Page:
A seizure is characterized by a sudden, uncontrolled electrical disturbance in the brain which can cause changes in the movements, behavior, feelings, or consciousness. Most seizures last between 30 seconds and two minutes. A seizure that lasts more than five minutes is considered a medical emergency. Generally, the occurrence of two or more seizures, at least 24 hours apart, are considered epilepsy.
There are many types of seizures, which range in symptoms and severity. Seizure types vary by where in the brain they begin and how much of the brain is affected. In many cases, the cause of a seizure cannot be identified. Seizures can happen after an infection such as meningitis, a stroke, a closed head injury, or many other illnesses.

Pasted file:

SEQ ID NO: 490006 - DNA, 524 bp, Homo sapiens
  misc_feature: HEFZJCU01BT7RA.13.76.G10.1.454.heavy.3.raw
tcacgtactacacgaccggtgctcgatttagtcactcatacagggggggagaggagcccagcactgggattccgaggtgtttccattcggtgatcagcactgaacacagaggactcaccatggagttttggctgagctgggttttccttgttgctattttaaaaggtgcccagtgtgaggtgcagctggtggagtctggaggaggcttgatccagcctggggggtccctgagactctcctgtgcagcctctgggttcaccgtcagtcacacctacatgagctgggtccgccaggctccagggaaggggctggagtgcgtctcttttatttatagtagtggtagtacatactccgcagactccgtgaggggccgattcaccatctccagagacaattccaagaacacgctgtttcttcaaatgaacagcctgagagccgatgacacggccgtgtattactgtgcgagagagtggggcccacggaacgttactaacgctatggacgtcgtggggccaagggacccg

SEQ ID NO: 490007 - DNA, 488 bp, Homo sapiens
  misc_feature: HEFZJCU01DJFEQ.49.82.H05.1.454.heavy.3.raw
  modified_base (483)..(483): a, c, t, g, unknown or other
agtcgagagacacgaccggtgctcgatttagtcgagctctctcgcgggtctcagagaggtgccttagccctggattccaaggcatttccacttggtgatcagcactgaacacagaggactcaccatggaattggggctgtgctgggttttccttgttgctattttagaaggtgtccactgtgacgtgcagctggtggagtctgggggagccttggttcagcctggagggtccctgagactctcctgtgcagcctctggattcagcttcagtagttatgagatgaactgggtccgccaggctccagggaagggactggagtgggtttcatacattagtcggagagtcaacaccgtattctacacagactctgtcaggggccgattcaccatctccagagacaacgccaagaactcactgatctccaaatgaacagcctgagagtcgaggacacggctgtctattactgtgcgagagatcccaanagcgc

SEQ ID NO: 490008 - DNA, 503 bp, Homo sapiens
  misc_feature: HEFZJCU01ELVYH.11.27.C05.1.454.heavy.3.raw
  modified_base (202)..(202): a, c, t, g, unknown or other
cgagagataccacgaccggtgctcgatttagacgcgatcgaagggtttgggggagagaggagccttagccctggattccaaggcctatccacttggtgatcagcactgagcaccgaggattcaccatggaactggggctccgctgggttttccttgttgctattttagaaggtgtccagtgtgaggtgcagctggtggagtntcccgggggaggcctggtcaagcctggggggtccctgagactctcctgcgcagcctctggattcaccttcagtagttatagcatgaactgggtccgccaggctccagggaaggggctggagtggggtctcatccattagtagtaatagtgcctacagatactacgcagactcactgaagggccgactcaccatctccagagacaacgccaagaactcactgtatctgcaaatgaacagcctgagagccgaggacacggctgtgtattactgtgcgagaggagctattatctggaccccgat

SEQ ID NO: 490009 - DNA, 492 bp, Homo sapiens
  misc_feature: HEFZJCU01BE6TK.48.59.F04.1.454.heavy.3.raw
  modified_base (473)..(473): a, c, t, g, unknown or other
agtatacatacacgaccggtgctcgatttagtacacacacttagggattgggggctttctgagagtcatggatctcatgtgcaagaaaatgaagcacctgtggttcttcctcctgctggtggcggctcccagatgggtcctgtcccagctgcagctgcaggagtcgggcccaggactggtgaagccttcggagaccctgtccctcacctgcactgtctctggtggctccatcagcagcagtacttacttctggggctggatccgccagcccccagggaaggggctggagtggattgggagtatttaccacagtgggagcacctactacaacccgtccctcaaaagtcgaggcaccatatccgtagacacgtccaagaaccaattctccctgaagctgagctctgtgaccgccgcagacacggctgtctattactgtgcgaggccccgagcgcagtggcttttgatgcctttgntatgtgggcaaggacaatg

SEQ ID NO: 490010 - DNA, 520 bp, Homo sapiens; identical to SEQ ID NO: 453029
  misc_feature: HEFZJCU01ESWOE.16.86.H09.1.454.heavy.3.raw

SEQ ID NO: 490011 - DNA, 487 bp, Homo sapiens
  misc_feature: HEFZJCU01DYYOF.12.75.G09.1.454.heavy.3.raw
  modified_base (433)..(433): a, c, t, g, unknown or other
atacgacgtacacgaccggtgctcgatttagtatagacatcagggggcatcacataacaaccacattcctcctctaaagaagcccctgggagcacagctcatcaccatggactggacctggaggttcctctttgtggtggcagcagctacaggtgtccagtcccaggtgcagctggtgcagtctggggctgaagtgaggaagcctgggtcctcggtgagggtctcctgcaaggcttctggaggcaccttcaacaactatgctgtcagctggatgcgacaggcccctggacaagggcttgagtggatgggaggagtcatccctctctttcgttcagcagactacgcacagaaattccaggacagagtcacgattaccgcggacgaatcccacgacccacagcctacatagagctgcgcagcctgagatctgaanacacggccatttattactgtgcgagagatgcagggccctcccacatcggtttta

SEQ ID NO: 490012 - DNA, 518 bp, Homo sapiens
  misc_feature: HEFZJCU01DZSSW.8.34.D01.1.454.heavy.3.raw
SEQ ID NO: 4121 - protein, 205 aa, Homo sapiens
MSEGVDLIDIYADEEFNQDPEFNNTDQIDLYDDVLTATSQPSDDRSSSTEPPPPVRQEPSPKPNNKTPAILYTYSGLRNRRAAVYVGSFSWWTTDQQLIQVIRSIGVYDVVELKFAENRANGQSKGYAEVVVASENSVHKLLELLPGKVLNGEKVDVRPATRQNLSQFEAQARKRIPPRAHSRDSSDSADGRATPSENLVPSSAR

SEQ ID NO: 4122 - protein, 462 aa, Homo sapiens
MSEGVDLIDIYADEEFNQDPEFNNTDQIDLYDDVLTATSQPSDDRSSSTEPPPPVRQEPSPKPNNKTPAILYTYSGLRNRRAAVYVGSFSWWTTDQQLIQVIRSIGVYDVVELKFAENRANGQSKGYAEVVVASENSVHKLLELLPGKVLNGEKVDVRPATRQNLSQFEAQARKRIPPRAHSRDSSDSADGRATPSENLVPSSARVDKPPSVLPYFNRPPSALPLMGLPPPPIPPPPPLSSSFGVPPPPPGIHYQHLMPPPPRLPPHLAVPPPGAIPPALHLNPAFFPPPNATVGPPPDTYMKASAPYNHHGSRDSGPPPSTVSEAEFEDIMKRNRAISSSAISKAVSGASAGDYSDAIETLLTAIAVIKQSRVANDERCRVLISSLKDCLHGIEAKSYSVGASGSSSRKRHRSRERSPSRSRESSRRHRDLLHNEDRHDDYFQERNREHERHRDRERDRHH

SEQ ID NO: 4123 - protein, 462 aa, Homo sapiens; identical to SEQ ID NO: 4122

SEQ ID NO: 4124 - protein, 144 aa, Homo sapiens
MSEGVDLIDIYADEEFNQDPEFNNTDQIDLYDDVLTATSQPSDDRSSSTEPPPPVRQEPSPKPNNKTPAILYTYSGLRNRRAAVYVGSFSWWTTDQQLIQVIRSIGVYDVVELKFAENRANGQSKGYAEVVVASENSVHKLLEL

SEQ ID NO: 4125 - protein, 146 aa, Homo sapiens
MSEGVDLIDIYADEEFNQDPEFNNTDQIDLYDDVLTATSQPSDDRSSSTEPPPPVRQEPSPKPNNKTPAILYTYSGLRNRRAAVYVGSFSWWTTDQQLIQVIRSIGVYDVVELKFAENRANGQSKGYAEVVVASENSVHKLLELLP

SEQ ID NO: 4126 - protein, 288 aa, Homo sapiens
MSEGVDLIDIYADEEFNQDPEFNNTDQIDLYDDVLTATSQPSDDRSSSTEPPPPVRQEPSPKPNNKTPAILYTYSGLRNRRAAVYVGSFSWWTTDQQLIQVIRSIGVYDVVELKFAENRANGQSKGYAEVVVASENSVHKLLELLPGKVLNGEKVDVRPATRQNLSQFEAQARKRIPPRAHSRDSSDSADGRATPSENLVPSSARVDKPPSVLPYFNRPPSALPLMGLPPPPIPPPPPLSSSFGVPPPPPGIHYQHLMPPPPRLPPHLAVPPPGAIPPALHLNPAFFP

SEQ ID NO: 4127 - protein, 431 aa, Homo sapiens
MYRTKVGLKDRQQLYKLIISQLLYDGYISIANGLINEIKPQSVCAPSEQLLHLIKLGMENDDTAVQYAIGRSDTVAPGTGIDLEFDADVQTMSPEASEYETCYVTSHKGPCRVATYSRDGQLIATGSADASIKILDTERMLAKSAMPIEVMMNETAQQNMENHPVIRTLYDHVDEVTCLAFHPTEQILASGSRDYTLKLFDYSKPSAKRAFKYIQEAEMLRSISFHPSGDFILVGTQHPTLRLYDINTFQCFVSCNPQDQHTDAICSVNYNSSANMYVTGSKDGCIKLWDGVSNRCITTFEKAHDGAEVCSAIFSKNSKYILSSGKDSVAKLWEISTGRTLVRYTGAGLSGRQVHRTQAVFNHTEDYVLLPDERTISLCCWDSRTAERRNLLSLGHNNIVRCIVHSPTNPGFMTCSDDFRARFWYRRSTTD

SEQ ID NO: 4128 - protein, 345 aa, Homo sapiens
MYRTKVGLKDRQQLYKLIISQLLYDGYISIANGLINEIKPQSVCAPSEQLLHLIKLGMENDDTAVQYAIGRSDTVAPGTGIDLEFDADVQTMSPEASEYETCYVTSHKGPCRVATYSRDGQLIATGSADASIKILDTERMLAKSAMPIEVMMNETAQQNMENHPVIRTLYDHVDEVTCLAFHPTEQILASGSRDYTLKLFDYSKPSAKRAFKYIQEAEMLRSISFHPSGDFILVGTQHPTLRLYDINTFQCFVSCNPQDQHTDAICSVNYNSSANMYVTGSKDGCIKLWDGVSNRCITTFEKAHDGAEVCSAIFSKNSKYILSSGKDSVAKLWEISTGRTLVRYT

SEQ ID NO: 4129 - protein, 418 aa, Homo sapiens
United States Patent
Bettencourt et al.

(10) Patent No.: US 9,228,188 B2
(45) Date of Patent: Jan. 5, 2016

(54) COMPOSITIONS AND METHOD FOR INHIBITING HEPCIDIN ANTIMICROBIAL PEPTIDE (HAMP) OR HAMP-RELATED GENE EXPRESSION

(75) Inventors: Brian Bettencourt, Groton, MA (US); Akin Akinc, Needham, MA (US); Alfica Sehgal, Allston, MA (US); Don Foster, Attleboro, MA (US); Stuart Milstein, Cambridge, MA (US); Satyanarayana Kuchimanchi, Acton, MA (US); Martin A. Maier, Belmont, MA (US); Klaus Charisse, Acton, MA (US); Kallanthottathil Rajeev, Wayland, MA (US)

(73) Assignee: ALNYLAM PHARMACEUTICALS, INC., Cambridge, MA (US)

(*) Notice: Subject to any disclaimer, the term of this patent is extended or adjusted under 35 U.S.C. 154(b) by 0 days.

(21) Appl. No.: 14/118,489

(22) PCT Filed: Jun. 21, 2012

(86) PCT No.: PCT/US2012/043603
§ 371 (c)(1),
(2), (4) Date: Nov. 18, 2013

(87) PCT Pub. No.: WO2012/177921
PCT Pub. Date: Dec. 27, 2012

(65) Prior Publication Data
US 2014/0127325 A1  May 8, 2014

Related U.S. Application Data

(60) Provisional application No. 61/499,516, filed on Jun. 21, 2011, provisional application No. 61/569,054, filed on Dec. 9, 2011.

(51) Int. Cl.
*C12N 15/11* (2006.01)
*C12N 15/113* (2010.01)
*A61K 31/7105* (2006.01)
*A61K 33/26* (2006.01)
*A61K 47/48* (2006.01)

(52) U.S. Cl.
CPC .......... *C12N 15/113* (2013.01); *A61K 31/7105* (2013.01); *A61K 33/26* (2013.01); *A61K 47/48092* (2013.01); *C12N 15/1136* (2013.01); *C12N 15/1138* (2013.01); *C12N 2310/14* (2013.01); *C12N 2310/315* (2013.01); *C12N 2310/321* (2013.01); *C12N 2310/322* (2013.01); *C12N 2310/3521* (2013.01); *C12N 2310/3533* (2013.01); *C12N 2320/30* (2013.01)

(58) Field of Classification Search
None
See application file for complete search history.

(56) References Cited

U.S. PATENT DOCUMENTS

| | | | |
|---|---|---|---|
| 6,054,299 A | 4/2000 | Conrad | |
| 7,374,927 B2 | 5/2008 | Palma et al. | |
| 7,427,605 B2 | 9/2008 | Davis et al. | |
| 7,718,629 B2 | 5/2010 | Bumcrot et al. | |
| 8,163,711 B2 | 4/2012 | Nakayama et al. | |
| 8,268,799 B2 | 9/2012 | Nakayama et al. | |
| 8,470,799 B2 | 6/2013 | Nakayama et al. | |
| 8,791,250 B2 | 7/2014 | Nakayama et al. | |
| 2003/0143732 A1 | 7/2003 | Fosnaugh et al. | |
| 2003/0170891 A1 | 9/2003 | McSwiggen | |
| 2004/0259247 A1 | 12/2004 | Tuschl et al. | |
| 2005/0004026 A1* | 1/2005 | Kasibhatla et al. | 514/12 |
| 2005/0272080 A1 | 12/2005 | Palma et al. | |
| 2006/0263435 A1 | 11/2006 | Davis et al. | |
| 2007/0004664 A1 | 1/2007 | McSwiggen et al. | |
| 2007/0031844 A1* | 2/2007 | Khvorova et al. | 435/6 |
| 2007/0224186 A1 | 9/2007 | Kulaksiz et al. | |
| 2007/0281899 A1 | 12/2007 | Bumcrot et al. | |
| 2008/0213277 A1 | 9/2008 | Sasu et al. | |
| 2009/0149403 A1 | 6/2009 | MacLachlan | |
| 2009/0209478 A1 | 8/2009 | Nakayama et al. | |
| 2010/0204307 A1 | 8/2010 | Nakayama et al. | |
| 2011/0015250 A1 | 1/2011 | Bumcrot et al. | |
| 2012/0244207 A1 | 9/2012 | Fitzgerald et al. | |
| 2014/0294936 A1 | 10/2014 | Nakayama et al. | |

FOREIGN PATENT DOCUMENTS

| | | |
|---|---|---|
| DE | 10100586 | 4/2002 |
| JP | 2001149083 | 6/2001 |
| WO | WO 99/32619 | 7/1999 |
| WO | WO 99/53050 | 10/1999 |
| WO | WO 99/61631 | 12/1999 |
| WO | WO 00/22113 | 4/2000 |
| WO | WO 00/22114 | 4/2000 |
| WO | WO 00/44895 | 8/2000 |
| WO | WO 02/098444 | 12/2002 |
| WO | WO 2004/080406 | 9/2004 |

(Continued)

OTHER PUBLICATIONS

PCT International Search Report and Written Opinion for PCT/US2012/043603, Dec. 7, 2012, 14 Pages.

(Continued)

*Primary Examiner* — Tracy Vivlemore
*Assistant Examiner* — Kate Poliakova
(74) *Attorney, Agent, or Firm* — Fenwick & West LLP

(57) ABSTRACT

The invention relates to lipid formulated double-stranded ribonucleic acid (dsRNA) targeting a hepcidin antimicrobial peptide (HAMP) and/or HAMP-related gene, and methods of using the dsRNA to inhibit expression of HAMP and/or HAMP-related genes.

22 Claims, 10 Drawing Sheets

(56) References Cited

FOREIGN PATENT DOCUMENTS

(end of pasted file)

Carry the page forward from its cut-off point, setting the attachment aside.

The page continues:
Even though most seizure disorders can be controlled with medication, management of seizures has a significant impact on the patient’s daily life. Seizures are classified as either focal generalized, or unknown based on how and where abnormal brain activity begins. Seizure symptoms may include: temporary confusion, uncontrollable jerking, movements of the arms and legs, loss of consciousness or awareness, staring spell, and cognitive or emotional symptoms, such as fear, or anxiety. There are a variety of seizure treatment methods available.